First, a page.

“Christina was basically like, ‘I really don’t care, it’s important to me. Meeting with these groups isn’t about an endorsement. It isn’t about campaign clout. This is something I want to do,’” said Brauer.
When polls opened, Wang went onto the BC Plaza and began speaking with students, asking them if they had voted yet and if not, pitching her platform. With first-years, for example, she would talk about the Blue Devil Buddies program. With female students who said that they were interested in uplifting women at Duke, Wang would tell them about the work she had done to prevent gender violence, Kang explained.
“I know she was a little nervous, just because it was the day of the election,” Kang said. “But you could tell how easily she was able to connect with people on the different things that they cared about.”
The next day, when Wang found out that she had won, she texted a crying emoji into the campaign manager group chat.
“I panicked. I was freaked out,” said Brauer, who was in the middle of a run when he received the text. “I was like, ‘This is horrible, I’m on a run, I’m all sweaty, this is bad.’”
Her next text let them know she had won.
“This year has been a lot. And I think gut decisions are valuable, but in a year like this, everything that we’re going to be doing is going to be new,” Brauer said. “There’s a lot of people on campus who have had different experiences than other people. I think that reconciling that will take a really thoughtful leader, and Christina will take that in stride.”
Leading with empathy
Wang’s presidency next year will be defined by the relationships she cultivates with DSG members, student groups, administrators and the student body at large.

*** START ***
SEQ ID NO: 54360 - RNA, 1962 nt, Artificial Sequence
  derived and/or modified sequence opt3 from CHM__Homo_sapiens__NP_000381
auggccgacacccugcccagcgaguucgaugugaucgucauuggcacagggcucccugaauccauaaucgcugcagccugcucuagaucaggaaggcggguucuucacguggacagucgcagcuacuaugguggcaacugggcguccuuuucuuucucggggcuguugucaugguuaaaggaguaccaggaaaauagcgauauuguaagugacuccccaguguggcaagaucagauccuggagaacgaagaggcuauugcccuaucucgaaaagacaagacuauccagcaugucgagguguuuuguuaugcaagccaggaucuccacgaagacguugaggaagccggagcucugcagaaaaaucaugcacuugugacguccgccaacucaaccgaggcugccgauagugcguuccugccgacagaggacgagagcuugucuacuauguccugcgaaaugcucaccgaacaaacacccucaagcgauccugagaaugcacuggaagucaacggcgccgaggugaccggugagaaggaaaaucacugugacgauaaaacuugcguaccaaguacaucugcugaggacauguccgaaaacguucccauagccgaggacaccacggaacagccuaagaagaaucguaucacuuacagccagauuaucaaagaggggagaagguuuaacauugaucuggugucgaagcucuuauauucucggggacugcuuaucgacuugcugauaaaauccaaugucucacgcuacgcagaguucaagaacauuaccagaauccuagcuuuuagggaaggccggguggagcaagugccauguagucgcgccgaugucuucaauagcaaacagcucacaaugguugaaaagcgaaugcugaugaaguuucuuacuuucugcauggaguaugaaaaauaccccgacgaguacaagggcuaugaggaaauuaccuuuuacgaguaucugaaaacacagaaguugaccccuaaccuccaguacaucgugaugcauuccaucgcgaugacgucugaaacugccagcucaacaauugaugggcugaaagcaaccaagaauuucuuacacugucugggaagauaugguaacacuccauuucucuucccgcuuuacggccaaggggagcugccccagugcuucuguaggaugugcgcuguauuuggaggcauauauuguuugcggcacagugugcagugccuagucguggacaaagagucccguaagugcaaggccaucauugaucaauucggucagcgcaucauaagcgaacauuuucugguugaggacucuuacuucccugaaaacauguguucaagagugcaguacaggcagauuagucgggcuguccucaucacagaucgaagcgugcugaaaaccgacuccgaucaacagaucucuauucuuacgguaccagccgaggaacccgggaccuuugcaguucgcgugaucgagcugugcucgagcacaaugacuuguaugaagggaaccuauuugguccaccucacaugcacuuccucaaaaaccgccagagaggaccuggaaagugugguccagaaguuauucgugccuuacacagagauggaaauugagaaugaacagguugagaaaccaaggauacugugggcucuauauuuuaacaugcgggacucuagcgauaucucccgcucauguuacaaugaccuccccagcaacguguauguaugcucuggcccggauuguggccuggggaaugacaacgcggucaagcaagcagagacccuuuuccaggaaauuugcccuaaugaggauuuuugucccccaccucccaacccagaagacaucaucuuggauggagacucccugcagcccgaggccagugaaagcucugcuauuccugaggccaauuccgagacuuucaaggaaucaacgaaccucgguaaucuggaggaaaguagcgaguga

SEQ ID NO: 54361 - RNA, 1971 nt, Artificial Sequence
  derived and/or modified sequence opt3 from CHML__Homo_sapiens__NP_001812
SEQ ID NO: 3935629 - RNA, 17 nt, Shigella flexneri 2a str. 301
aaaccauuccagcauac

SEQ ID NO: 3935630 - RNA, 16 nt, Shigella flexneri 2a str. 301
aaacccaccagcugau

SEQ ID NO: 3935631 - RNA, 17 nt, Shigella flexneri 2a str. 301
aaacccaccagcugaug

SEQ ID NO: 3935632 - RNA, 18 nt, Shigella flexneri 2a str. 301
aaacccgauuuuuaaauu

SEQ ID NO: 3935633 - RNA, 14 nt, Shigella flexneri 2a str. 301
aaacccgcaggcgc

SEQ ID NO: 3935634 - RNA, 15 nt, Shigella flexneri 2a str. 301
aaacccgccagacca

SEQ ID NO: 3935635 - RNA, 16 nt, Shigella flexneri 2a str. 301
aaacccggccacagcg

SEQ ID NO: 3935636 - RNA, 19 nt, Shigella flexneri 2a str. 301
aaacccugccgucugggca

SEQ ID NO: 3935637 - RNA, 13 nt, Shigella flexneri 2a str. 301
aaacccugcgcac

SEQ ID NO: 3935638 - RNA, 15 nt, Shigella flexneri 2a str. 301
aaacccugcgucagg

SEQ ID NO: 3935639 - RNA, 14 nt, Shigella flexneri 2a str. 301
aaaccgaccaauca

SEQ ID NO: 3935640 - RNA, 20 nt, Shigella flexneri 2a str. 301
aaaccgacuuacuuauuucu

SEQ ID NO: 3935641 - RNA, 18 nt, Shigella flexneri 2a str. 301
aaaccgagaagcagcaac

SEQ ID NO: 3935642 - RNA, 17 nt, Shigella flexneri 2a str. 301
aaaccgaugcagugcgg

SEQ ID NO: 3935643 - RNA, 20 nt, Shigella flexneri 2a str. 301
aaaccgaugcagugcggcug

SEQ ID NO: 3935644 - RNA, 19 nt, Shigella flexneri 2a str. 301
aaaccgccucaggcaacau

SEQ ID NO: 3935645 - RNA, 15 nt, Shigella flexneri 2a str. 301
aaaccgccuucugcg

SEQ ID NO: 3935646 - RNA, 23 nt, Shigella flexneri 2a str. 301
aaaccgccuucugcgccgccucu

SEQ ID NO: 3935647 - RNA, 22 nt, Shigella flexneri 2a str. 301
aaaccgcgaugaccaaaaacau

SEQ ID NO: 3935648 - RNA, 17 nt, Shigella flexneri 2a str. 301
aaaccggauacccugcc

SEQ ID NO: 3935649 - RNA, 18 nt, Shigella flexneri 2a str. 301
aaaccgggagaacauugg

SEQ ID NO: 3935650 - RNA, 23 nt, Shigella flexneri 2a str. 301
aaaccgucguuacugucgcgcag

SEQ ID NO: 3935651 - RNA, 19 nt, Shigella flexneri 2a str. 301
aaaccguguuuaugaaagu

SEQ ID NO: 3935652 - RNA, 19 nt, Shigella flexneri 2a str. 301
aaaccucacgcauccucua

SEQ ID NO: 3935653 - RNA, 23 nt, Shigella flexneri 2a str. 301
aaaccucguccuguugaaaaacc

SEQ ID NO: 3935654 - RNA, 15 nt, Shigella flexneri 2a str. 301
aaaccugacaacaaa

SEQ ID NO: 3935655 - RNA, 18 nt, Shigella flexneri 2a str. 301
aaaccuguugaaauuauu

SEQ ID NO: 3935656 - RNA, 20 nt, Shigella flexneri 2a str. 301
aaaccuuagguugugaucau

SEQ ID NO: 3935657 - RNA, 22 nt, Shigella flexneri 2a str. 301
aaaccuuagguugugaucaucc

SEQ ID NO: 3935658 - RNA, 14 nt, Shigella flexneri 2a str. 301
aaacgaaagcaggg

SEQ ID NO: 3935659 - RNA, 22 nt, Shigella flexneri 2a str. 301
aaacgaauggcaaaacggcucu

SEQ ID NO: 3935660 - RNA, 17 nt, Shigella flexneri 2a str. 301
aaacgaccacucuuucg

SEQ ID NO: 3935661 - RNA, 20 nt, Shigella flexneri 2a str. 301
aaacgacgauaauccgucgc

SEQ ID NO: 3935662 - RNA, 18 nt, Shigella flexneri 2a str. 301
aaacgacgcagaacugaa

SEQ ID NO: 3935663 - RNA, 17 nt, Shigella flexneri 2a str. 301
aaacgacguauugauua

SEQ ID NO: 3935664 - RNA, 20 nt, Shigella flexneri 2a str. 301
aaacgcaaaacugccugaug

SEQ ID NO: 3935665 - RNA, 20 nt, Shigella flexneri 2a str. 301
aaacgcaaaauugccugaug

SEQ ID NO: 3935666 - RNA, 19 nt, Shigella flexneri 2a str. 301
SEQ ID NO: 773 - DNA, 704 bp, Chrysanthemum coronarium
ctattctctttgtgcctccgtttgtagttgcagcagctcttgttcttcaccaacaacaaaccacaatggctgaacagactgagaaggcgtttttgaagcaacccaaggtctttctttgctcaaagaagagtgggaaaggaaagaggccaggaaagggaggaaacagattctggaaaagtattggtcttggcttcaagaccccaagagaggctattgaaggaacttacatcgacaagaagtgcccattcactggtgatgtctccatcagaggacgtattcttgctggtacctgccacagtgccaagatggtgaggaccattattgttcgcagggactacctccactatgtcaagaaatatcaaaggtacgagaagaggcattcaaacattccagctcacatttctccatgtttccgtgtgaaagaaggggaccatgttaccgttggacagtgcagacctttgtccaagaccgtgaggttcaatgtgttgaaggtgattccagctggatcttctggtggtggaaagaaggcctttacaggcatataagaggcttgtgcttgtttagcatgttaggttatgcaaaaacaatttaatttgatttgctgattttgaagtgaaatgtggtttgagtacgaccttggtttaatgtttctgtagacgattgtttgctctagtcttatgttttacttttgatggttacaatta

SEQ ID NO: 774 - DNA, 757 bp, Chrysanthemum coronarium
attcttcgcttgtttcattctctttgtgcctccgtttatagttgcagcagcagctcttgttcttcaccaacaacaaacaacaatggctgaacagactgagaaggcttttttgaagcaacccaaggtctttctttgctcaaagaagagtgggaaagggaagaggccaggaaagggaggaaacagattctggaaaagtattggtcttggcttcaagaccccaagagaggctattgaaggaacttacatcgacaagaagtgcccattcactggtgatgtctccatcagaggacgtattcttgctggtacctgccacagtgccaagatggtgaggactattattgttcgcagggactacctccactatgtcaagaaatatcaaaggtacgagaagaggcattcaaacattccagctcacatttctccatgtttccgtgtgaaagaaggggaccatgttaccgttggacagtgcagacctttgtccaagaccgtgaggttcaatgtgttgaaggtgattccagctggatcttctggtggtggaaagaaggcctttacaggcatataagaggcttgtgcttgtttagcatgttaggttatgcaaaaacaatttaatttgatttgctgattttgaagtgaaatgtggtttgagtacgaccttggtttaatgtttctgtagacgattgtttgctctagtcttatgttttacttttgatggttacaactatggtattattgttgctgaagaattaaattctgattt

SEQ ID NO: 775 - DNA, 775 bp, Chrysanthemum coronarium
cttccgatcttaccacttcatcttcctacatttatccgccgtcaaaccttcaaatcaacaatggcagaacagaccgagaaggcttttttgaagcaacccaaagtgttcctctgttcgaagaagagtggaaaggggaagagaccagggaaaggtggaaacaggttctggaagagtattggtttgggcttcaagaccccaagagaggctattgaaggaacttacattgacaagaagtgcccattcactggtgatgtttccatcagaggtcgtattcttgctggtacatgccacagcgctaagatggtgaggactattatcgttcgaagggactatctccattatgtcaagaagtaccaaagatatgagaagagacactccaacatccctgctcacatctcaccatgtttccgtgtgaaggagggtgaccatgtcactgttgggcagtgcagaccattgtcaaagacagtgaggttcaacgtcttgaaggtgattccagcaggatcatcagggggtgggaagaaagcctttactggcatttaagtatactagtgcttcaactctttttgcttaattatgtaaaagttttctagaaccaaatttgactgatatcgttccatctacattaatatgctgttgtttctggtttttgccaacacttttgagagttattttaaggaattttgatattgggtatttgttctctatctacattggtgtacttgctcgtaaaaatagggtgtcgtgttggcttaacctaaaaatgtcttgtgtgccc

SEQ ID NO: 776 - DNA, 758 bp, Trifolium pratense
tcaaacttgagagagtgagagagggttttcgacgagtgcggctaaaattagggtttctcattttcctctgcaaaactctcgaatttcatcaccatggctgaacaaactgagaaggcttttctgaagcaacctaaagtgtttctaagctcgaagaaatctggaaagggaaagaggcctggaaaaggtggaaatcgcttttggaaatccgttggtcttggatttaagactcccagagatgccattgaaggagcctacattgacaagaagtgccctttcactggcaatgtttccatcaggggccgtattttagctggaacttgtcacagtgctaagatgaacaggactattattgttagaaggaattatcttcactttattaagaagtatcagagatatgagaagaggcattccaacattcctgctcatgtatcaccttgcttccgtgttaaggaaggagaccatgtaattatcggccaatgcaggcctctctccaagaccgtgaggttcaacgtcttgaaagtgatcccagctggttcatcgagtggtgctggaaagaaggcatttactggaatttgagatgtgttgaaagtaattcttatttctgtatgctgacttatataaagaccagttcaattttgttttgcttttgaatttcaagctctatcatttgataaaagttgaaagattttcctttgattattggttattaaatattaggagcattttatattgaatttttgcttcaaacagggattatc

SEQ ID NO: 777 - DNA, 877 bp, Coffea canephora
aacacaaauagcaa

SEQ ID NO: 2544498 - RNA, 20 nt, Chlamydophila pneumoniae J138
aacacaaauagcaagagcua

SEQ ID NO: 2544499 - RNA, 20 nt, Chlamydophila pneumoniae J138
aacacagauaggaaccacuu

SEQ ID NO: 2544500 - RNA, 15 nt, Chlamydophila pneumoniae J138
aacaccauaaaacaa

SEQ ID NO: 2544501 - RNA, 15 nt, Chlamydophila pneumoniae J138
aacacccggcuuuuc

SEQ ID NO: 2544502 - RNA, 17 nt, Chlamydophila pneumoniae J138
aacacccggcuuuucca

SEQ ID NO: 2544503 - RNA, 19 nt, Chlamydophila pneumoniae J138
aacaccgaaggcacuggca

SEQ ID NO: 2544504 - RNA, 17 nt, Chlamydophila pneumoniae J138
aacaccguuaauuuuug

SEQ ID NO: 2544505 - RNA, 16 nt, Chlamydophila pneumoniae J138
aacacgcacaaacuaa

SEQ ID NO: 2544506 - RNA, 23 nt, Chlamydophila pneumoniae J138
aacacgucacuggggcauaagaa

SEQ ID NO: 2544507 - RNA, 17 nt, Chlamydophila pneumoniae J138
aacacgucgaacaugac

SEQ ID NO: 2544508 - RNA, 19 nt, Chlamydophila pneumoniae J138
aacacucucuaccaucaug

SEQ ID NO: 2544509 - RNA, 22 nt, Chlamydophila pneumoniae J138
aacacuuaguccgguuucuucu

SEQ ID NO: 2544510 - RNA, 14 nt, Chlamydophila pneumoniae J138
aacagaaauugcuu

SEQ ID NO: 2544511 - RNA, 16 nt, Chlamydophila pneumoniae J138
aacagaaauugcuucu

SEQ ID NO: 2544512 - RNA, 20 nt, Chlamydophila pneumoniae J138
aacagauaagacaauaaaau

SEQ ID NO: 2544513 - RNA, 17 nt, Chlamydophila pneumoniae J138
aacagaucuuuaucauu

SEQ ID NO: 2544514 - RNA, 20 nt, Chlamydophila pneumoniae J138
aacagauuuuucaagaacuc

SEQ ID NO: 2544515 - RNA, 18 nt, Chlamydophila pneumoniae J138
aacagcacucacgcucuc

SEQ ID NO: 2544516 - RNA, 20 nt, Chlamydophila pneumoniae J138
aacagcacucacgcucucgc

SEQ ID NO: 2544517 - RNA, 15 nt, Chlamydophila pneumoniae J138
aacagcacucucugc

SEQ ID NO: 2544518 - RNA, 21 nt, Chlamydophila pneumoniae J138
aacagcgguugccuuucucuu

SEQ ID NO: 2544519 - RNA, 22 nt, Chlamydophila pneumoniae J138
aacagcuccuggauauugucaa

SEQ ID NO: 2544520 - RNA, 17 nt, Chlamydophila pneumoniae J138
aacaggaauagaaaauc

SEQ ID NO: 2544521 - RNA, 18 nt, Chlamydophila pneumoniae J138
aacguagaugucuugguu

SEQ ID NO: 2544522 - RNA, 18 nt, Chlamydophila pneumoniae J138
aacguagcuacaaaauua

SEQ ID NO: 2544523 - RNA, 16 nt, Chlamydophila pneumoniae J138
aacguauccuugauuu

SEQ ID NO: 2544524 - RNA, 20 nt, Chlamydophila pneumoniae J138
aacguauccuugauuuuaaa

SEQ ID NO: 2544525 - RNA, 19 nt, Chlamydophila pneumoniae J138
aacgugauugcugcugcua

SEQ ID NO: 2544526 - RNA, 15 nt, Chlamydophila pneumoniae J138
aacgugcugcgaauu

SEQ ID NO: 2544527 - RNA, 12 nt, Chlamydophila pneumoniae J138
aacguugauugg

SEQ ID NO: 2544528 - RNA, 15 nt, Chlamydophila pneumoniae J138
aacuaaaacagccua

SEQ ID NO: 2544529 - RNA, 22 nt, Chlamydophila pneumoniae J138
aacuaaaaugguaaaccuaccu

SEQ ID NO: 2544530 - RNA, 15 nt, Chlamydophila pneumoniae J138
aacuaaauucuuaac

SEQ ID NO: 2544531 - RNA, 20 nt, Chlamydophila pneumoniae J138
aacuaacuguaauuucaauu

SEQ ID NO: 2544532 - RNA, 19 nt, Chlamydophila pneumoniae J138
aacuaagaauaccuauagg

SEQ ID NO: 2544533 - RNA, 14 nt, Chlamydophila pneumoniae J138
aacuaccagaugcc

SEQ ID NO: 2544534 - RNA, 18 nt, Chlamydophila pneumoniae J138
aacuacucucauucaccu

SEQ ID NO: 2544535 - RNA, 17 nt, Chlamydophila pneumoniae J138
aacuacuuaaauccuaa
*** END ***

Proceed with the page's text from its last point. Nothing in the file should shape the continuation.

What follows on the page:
“I know this is a Joe Biden quote, but change does move at the speed of relationships,” she said.
Her goals, which include a restructuring of DSG’s project model, focus on uplifting the ongoing work and priorities of cultural and identity student groups.
“I don’t want senators coming in being like, ‘Oh, I want to do this,’ or ‘This is my idea,’” she said. “It’s not about you. If you’re joining DSG, you’re doing it as an act of public service.”
Wang acknowledged DSG’s history of shortcomings, especially towards marginalized groups. She understands that it may be difficult for student groups to trust DSG “as a mechanism of support for their activism.” She recognizes that building trust takes time, but she hopes that welcoming criticism and collaboration, and fostering these connections now will translate into sustainable, long-term relationships between organizations.
“She believes in what the Duke experience could be and isn’t afraid to be critical of what it is,” Smith wrote. “While I don't know if there is a way to be fully prepared for this role—for the ways that you must offer your opinions, ideas, agreements, and disagreements in rooms full of powerful people—I believe with the utmost confidence that Christina will rise to the occasion.”
Smith also highlighted the importance of the president being “rooted in the community,” she wrote, describing Wang.
“Sometimes, you’re the only student in the room, the only student whose opinion administrators are going to ask for, so it’s your responsibility to be in tune with what students need,” Smith wrote. “It’s a powerful role, and I don’t know if the profile pictures and endorsement contests make that power quite clear.”
Wang also plans to expand DSG’s transparency and accessibility with the student body through increasing meetings with student groups and sending members into first-year spaces to gauge new students’ knowledge of DSG.
Wang said that she agreed with a lot of points on Diaz’ platform, which included rectifying structural and accountability issues within DSG. But she doesn’t see her experience in DSG as a hindrance to creating real change.
“I’m not afraid to hold administrators accountable despite having worked with them before,” Wang added. “I think it’s a strength that I’ve worked with them before, because I can be upfront and be like, ‘Look, you know me, and you know that I’m serious about this.’”
Despite the responsibilities of the role, Wang’s guiding principle is simple: she hopes to lead with empathy.
“I really strive to listen to others. That’s my main priority in life. Always,” she said. “It’s always people first.”
Milla Surjadi is a Trinity sophomore and a university news editor of The Chronicle's 117th volume.